I had intended to approach the problem of farmland preservation from the point of view of the land planner and explore the difficulties that have been encountered in putting into practice the various kinds of farmland preservation devices that are currently being discussed. As I considered this approach, several observations seemed apparent. First, I think we have to recognize that most of the approaches that are frequently identified are not readily transferable from one jurisdiction to another since their success often depends upon factors that may be uniquely local. Without taking those unique local factors into account, it is very difficult to borrow an approach from one jurisdiction and apply it in another. To maximize the transferability of an approach, it is necessary to first understand why the particular program has developed the way it has. For example, it is insightful to observe that the Hawaiian approach to the land development problem was probably colored by the desire to keep the ancient trust estates intact. That these estates just happened to be comprised of farmland is also significant and may explain why the Hawaiian approach has not been particularly successful even in Hawaii since the bottom has dropped out of the pineapple market and it is no longer as financially feasible to be a pineapple farmer. Similar kinds of local factors can be expected to have influenced the Oregon approach which is very concerned with preserving the Willamette valley.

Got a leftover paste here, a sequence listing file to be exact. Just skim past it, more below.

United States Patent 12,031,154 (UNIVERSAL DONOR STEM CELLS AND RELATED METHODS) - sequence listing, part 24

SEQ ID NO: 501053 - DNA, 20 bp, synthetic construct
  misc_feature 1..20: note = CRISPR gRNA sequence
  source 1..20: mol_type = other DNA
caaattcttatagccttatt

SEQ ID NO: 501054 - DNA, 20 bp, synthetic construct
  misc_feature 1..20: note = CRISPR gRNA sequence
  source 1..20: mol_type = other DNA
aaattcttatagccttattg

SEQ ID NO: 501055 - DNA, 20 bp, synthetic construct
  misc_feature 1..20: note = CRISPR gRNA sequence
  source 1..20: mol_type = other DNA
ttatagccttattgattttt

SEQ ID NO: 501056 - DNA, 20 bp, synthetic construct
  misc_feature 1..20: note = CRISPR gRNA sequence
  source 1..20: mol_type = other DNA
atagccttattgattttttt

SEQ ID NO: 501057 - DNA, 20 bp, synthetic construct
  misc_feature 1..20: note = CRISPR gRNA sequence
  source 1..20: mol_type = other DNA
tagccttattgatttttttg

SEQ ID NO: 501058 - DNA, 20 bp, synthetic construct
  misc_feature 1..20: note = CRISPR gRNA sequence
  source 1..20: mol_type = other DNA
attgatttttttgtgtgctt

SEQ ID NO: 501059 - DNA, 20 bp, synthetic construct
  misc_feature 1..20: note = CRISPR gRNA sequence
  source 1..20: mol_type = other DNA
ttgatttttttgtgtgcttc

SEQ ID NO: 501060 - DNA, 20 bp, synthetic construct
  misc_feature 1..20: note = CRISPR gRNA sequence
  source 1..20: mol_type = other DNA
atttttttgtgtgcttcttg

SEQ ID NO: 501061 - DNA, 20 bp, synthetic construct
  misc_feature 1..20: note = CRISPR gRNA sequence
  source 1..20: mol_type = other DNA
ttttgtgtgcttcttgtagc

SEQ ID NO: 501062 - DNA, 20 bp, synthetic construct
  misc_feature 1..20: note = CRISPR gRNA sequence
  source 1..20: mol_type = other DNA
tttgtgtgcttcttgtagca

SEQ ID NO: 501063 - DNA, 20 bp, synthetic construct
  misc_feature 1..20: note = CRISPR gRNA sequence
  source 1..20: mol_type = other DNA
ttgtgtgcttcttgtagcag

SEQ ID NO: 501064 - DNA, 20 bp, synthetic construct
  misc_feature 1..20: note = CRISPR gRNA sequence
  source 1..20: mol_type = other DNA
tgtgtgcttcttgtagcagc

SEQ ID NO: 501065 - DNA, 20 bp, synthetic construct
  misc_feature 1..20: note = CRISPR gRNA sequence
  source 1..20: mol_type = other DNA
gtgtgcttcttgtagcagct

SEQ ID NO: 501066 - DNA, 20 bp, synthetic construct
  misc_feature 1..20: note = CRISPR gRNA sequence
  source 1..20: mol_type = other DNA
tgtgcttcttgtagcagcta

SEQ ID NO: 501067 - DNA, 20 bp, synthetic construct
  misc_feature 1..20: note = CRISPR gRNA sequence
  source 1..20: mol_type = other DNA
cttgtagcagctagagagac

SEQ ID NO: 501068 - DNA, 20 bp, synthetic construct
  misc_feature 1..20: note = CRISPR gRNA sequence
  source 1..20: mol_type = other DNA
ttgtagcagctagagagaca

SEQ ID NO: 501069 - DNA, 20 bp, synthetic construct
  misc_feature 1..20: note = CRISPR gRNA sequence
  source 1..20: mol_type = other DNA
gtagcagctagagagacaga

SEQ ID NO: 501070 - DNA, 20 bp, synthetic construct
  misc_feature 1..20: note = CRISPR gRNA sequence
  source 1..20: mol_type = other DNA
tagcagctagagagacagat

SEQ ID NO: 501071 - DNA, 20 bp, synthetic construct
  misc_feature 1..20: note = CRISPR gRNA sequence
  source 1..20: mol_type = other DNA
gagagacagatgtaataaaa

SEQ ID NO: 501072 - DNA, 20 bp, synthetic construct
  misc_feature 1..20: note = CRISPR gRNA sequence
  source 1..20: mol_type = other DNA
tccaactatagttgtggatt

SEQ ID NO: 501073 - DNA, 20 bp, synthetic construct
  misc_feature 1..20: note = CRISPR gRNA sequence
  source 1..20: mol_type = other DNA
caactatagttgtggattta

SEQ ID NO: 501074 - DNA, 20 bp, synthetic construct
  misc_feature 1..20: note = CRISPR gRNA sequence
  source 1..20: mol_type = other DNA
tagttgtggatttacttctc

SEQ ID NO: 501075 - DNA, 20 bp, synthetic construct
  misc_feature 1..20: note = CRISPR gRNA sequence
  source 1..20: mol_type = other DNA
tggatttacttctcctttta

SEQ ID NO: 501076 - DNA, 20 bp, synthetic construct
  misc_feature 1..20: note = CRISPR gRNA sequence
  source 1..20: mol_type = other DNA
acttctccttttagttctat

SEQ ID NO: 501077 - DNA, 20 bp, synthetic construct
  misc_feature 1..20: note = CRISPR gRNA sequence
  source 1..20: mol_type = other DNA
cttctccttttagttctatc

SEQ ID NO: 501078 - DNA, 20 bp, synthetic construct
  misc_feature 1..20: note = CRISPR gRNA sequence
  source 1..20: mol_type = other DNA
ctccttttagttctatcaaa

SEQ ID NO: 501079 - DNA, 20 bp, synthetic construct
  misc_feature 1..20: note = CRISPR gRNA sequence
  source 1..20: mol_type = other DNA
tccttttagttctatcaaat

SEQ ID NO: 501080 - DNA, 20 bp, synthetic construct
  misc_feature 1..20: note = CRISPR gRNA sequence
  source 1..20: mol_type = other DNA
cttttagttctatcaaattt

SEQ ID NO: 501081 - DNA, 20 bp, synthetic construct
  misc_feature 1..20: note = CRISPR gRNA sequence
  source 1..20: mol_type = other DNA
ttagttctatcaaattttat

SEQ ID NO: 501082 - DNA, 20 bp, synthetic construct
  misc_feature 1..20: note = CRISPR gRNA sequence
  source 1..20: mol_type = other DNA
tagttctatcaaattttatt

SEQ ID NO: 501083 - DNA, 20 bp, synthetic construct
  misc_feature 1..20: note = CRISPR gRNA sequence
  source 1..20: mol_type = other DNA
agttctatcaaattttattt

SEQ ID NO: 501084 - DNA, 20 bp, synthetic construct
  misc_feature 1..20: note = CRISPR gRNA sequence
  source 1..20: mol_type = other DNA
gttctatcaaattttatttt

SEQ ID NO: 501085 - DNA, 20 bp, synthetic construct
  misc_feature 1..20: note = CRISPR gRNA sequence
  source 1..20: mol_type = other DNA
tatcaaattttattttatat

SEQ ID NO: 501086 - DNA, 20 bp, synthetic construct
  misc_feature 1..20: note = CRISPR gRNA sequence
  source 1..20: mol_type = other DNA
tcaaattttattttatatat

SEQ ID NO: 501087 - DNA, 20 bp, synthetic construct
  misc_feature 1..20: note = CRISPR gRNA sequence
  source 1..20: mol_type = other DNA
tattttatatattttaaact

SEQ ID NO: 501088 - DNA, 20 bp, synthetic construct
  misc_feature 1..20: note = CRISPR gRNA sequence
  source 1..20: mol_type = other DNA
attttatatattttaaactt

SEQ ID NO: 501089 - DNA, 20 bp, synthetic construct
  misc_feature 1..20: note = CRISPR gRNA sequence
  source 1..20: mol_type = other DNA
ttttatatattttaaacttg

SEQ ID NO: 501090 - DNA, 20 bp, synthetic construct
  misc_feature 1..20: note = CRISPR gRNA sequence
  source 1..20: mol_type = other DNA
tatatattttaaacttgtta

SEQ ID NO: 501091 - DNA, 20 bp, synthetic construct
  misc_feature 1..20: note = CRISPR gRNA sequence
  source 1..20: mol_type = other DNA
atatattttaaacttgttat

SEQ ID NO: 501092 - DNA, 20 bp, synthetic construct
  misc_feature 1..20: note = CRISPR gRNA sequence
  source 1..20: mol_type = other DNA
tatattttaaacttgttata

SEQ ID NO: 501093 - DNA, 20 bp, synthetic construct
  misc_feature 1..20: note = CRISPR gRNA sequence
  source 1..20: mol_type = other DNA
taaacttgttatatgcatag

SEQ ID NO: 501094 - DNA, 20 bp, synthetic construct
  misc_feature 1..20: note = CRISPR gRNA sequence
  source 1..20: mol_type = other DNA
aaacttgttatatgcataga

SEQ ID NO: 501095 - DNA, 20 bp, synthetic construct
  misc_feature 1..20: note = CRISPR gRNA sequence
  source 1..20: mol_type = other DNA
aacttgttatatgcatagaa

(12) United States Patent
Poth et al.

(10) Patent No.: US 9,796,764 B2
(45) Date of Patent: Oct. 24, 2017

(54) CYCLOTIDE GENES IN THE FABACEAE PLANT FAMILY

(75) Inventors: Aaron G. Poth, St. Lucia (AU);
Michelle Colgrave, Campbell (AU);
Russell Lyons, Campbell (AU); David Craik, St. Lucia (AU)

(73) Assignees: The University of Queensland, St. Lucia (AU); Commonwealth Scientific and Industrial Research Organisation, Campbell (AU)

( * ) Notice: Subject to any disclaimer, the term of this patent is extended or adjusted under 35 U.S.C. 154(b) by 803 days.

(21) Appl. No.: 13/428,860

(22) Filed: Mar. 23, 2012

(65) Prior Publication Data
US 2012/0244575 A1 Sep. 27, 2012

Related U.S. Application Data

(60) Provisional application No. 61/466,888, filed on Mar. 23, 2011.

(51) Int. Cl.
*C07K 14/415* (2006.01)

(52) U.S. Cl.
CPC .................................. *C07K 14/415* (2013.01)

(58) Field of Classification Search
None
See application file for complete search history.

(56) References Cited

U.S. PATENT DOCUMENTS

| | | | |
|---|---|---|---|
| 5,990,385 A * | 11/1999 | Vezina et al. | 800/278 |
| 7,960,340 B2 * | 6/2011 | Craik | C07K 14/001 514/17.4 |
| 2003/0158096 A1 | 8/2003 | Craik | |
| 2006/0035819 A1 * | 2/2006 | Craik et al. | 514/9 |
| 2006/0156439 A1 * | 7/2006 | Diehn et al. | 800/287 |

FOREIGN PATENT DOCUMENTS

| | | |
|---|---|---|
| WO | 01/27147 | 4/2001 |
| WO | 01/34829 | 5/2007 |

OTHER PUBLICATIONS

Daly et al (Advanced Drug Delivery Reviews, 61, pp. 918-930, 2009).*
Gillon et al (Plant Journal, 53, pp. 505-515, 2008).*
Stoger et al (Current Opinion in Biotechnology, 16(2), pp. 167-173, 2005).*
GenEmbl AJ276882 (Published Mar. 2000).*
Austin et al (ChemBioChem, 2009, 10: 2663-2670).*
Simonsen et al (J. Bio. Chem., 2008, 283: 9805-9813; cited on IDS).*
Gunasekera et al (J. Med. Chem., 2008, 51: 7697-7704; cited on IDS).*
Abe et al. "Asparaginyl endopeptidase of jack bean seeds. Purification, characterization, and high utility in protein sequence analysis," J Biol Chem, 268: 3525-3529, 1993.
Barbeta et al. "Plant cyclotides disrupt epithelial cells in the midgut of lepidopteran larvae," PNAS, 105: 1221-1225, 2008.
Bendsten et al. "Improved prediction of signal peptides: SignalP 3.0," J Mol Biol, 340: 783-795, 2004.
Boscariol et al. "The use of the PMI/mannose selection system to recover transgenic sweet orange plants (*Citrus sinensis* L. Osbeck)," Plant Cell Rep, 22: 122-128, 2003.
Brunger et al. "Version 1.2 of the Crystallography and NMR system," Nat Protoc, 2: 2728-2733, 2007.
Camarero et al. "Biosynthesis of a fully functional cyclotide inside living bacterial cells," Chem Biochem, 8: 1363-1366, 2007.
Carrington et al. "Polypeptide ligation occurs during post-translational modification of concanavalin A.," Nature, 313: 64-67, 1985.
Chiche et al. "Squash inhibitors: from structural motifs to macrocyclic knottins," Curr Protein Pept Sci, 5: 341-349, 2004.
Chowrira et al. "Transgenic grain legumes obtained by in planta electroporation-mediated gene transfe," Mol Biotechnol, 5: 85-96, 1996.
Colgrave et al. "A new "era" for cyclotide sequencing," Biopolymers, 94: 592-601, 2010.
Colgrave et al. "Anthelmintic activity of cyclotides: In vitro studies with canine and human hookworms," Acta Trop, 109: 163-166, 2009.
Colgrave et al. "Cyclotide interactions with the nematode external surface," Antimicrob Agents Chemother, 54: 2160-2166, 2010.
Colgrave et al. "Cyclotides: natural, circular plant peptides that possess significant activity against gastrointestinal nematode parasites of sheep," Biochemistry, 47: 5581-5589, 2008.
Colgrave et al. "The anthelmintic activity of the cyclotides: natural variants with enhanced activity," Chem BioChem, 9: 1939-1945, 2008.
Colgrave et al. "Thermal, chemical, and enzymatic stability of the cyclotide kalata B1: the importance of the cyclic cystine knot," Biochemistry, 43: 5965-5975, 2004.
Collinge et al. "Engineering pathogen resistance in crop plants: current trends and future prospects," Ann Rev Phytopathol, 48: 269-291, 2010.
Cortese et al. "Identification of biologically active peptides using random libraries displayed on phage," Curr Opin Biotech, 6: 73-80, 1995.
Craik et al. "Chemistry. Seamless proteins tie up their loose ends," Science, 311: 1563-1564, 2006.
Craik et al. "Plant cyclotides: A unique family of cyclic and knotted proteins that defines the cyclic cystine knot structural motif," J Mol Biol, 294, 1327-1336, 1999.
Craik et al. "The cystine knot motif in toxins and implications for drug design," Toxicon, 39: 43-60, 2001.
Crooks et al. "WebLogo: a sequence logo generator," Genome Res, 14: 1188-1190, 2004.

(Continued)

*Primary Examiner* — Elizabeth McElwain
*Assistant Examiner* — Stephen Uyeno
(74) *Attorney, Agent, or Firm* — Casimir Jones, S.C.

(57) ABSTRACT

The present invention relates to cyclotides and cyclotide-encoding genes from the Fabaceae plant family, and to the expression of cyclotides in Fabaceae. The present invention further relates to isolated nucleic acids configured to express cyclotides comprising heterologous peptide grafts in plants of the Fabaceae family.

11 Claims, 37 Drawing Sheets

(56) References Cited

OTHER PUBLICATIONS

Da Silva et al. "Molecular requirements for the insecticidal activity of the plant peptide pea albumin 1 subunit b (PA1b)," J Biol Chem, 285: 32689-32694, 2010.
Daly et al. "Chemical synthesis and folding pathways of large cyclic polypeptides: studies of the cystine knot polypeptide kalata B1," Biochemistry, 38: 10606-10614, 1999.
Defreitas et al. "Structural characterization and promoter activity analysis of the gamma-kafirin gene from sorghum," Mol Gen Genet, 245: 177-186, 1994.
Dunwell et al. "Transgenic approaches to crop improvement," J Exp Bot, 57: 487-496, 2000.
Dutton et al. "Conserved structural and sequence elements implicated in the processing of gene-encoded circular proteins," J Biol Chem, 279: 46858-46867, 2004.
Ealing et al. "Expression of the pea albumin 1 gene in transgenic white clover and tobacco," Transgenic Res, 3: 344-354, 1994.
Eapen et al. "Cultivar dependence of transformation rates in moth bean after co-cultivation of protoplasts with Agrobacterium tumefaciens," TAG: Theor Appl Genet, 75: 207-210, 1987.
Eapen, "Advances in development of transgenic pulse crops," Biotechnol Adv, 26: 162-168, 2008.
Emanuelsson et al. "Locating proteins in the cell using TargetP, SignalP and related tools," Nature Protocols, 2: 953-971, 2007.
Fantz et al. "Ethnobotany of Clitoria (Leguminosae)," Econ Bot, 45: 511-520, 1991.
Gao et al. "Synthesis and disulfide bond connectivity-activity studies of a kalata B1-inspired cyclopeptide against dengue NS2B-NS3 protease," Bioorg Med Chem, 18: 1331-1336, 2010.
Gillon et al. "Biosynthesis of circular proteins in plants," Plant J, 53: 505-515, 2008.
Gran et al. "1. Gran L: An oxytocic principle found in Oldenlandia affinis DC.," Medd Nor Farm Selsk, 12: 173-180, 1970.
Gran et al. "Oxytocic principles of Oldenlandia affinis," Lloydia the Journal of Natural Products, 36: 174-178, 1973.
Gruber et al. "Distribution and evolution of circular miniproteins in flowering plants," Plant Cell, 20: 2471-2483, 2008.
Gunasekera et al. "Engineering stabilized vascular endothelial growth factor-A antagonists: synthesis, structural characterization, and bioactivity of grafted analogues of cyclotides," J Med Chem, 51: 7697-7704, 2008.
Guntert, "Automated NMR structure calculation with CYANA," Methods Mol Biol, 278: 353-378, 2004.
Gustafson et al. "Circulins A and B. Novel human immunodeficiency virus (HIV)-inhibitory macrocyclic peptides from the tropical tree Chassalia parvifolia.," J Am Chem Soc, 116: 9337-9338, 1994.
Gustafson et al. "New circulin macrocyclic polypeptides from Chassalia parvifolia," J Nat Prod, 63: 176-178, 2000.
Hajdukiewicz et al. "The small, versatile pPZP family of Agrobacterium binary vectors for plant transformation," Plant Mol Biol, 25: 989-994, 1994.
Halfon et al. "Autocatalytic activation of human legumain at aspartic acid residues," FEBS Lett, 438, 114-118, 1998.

Although experience seems to suggest that most preservation approaches are probably not readily transferable due to the unique local factors which underlie them, we have been very slow to identify and explore those factors. Let me suggest that our discussion of different approaches could be far more meaningful if it is structured in a way that will identify the unique features of the jurisdiction in ways which may explain the success or failure of the particular approach.
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